Mitch Richmond only spent three years with the Golden State Warriors, but those three years were enough to make Dubs fans wonder what might have been. After Richmond was inducted into the Naismith Memorial Hall of Fame Friday night, it’s hard not to not think about what “Run TMC” might have accomplished if coach and general manager Don Nelson had not made that boneheaded trade with the Sacramento Kings back in 1991.
it didn’t take long for Richmond to make his impact on the Warriors well-known. As the 1989 Rookie of the Year, Richmond averaged 22 points, 5.9 rebounds and 4.2 assists per game while shooting 46.8 percent from the floor and 36.7 from three-point range. He was a talented, flat-out scorer and by joining the already entertaining, run-and-gunning duo of Tim Hardaway and Chris Mullin, Run TMC was born.
Richmond was the perfect complement to one of the league’s most dazzling trios. Hardaway, most known for his dynamic crossover, liked to get out and push the tempo and Richmond was always on the wing ready to finish in transition. Mullin, a terrific shooter, could always count on Richmond slashing to the basket for easier looks. In his first year, Richmond’s consistent scoring helped lead the Dubs to a 3-0 sweep of the Utah Jazz in the first round of the playoffs before the Warriors were eliminated by the Phoenix Suns in the semifinals.
Richmond’s rookie season wasn’t just a flash in the pan, either. Though Golden State failed to make the playoffs in the 1989-90 season, Richmond increased his scoring to 22.1 points per game and shot nearly 50 percent from the floor. The following season, Richmond put up a well-rounded 23.9 points, 5.9 rebounds, 3.1 assists and 1.6 steals per game as the Dubs beat the San Antonio Spurs 3-1 in the first round of the postseason. The Warriors then lost to the Los Angeles Lakers in the next round.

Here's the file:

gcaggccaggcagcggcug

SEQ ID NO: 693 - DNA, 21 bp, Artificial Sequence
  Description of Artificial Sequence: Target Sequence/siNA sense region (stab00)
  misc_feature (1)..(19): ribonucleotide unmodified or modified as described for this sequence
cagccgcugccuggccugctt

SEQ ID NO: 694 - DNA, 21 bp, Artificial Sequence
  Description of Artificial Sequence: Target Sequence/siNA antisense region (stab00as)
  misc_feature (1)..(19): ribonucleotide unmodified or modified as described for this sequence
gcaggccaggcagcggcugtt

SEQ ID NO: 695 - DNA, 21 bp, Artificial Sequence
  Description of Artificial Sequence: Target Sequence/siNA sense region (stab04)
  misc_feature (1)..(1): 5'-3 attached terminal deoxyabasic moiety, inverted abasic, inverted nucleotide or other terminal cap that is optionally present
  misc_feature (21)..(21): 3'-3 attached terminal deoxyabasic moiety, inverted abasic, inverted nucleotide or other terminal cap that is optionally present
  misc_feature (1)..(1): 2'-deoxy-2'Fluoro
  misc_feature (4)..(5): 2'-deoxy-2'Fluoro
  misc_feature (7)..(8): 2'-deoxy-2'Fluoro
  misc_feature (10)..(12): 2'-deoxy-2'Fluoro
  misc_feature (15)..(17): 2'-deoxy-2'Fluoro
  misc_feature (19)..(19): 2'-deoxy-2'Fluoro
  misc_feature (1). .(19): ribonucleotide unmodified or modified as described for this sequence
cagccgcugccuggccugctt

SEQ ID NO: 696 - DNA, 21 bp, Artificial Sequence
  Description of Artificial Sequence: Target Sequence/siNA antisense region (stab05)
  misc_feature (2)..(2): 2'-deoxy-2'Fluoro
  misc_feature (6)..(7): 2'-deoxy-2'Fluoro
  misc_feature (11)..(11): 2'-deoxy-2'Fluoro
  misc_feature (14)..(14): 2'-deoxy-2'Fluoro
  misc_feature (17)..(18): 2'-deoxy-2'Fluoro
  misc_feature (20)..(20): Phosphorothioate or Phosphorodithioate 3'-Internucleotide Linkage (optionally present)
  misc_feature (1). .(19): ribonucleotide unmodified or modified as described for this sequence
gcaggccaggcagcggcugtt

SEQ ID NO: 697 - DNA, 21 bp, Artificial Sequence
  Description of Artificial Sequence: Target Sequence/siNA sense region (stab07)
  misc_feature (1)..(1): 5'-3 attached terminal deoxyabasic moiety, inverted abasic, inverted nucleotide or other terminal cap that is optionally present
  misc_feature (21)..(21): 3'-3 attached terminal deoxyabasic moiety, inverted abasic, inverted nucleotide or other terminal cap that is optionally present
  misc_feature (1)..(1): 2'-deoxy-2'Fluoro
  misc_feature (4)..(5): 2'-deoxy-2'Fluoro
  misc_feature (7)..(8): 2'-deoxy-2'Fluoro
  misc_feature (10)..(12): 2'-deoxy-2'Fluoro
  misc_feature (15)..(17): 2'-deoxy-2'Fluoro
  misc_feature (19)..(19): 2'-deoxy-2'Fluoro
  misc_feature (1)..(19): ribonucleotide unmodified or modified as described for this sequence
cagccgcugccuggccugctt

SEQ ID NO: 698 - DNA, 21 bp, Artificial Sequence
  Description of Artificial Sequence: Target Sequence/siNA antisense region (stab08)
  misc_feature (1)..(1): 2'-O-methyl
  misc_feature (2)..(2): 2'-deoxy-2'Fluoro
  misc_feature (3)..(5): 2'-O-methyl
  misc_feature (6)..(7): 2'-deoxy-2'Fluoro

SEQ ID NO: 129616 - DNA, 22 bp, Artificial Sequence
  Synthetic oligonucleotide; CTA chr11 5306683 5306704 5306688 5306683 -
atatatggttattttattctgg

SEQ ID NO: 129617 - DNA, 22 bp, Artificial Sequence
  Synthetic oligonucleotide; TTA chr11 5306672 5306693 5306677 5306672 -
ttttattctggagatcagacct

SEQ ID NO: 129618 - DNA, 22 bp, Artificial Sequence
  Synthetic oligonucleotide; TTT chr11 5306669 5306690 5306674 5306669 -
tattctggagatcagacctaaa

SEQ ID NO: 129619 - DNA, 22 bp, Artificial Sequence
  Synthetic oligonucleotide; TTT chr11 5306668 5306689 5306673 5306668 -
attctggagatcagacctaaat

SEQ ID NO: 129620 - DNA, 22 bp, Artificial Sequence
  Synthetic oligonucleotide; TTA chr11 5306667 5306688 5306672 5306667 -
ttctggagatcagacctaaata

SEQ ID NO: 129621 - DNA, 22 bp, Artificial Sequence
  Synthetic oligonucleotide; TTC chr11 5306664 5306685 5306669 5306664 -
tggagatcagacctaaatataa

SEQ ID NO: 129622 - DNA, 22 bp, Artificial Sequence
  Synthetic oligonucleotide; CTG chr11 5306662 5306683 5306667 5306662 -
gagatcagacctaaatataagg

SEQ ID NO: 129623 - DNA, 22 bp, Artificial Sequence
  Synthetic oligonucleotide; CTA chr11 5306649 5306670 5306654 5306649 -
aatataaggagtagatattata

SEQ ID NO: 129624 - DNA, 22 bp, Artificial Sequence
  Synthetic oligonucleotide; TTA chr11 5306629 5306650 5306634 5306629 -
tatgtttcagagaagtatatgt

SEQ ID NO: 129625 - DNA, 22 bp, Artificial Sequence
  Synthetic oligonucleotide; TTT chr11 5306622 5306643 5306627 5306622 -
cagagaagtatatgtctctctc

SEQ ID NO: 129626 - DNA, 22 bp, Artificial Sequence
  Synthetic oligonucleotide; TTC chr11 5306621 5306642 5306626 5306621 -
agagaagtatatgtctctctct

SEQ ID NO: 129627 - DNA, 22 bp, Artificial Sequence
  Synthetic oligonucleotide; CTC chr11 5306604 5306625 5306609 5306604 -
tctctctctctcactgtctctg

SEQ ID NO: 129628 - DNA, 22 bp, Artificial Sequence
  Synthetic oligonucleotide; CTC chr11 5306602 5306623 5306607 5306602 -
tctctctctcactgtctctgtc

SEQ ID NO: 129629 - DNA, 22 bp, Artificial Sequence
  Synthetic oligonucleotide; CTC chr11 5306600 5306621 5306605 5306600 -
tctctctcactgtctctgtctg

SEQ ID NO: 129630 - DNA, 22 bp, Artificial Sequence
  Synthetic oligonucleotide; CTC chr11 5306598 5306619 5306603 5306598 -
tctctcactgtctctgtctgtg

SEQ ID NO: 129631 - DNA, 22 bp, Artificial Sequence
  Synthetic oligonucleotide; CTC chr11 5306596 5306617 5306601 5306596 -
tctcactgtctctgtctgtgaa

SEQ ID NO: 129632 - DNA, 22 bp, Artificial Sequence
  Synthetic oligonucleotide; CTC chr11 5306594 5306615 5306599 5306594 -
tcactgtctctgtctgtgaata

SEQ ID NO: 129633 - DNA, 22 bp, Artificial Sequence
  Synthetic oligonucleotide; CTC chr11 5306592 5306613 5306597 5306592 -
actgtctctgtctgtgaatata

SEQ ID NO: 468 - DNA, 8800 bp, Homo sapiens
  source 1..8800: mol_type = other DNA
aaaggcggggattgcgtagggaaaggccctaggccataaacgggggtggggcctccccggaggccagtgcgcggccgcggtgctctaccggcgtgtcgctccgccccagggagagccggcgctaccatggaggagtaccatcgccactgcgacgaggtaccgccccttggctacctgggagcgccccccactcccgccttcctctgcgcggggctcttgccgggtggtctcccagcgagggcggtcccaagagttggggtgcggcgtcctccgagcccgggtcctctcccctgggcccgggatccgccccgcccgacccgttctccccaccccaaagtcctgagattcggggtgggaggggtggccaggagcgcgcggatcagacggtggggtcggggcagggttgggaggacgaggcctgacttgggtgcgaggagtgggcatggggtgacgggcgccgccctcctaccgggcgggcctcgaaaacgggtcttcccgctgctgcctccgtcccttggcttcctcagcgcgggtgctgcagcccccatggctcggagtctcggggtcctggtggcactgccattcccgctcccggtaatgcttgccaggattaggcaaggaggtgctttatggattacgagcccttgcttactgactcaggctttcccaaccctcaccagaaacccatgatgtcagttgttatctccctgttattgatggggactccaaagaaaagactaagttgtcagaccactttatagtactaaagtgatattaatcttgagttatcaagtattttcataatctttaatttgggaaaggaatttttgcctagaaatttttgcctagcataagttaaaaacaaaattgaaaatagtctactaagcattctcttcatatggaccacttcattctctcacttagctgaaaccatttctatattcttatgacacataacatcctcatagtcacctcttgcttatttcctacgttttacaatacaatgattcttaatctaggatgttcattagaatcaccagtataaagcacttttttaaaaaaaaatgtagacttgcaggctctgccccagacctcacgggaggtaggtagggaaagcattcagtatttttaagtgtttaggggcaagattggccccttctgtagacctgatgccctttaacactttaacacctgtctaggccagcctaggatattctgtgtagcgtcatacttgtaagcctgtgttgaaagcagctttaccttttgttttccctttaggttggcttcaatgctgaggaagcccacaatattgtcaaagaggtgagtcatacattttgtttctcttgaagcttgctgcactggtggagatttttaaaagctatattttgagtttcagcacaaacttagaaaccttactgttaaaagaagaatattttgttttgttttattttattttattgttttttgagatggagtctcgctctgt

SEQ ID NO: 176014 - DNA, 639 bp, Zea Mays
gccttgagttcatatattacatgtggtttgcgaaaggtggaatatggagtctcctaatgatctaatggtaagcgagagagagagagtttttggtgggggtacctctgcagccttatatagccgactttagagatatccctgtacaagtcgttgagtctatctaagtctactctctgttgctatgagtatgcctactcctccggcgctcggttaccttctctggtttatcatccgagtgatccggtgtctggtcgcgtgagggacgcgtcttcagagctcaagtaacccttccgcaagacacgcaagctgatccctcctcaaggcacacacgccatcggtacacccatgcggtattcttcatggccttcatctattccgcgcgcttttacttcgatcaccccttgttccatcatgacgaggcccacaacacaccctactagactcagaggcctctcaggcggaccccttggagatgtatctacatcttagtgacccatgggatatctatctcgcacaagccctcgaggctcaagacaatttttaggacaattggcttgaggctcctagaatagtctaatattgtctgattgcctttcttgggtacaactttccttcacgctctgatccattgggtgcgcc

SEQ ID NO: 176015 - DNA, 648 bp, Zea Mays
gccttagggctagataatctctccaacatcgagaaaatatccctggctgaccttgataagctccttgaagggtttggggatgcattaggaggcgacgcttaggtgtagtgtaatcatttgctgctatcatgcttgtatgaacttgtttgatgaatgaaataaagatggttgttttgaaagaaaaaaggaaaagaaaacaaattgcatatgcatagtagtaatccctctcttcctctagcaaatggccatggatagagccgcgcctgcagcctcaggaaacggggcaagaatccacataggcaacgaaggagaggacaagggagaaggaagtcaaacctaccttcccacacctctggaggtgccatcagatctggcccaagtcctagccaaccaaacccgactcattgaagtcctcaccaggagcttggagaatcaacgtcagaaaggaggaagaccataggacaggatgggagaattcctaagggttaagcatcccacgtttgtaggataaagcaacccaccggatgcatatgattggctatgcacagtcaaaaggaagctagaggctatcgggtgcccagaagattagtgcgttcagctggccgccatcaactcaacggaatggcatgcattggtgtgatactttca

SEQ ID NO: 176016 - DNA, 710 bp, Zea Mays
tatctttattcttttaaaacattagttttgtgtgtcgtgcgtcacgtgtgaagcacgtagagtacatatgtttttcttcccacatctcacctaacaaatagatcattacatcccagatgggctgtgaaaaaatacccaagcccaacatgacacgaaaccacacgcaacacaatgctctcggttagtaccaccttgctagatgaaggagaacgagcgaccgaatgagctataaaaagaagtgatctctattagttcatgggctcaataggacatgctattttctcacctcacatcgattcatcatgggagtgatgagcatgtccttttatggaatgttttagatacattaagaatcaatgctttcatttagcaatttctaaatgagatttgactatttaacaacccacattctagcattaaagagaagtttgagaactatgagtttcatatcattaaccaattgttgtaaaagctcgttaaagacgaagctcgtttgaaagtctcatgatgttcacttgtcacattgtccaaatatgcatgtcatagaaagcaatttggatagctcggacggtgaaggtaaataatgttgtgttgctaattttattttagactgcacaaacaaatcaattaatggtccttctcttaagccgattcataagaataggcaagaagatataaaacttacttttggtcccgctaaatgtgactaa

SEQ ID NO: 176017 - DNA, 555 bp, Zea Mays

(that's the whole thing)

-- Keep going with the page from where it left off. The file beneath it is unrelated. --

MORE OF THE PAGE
Run TMC had shown signs of promise as a fun team with two playoff series wins under its belt in just three seasons. But Nelson decided to pass on Richmond’s undeniable scoring potential in favor of promising rookie big man Billy Owens, who was holding out with the Sacramento Kings. Owens provided the height Nelson believed the team needed to finally make a real splash in the postseason. Just like that, Run TMC was over after three seasons.
HOF inductee Mitch Richmond recognizing Chris Mullin: “Chris Mullin, my brotha from another motha.”
— Aaron Bruski (@aaronbruski) August 8, 2014
Richmond went on to lead the Kings in scoring in each of his seven seasons in Sacramento, averaging 23.3 points per game. Owens averaged 15 points and eight rebounds in his first season in Golden State, but he lasted only three seasons there and the Dubs never advanced past the first round of the playoffs during that span. Richmond became unfairly labeled as a guy who put up big numbers on a losing team and Golden State didn’t win a playoff series again until the “We Believe” Warriors in 2006-07. Oh, what might have been.
Chris Mullin and Tim Hardaway were already in their mid-20s when the deal was made, but they hadn’t been in the NBA for very long and by breaking up one of the most exciting trios in the association, Nelson doomed the Warriors in the long run. Richmond became known as one of the NBA’s purest shooters and racked up the following honors: six-time NBA All-Star, NBA All-Star MVP, three-time Second Team All-NBA, two-time Third Team All-NBA a gold medal in the 1996 Summer Olympics and his No. 2 jersey being retired by the Kings.
I was lucky enough to watch a lot of Mitch Richmond in the 90’s and he was just so underrated. Well deserved to have him in the HOF. — Zach Harper (@talkhoops) August 8, 2014
Mitch Richmond is remembered for three things: his undeniable scoring ability, putting up big numbers on losing teams, and what might have been in Golden State had Nelson kept Run TMC together. Nelson later admitted he made a mistake with the trade, which makes sense since he traded a freaking future Hall of Famer for a guy who stayed with the team for three years and never panned out.
Richmond won a championship with the Los Angeles Lakers in his final season in 2001-02, playing a marginal role. It was one of only two postseason appearances for Richmond following his trade from the Warriors, which is often why is explosive scoring ability is often so underrated. The Kings trade devastated him, Hardaway and Mullin, but all three went on to have memorable Hall of Fame careers. And that makes it even more difficult to wonder what might have been if Run TMC had survived more than three seasons.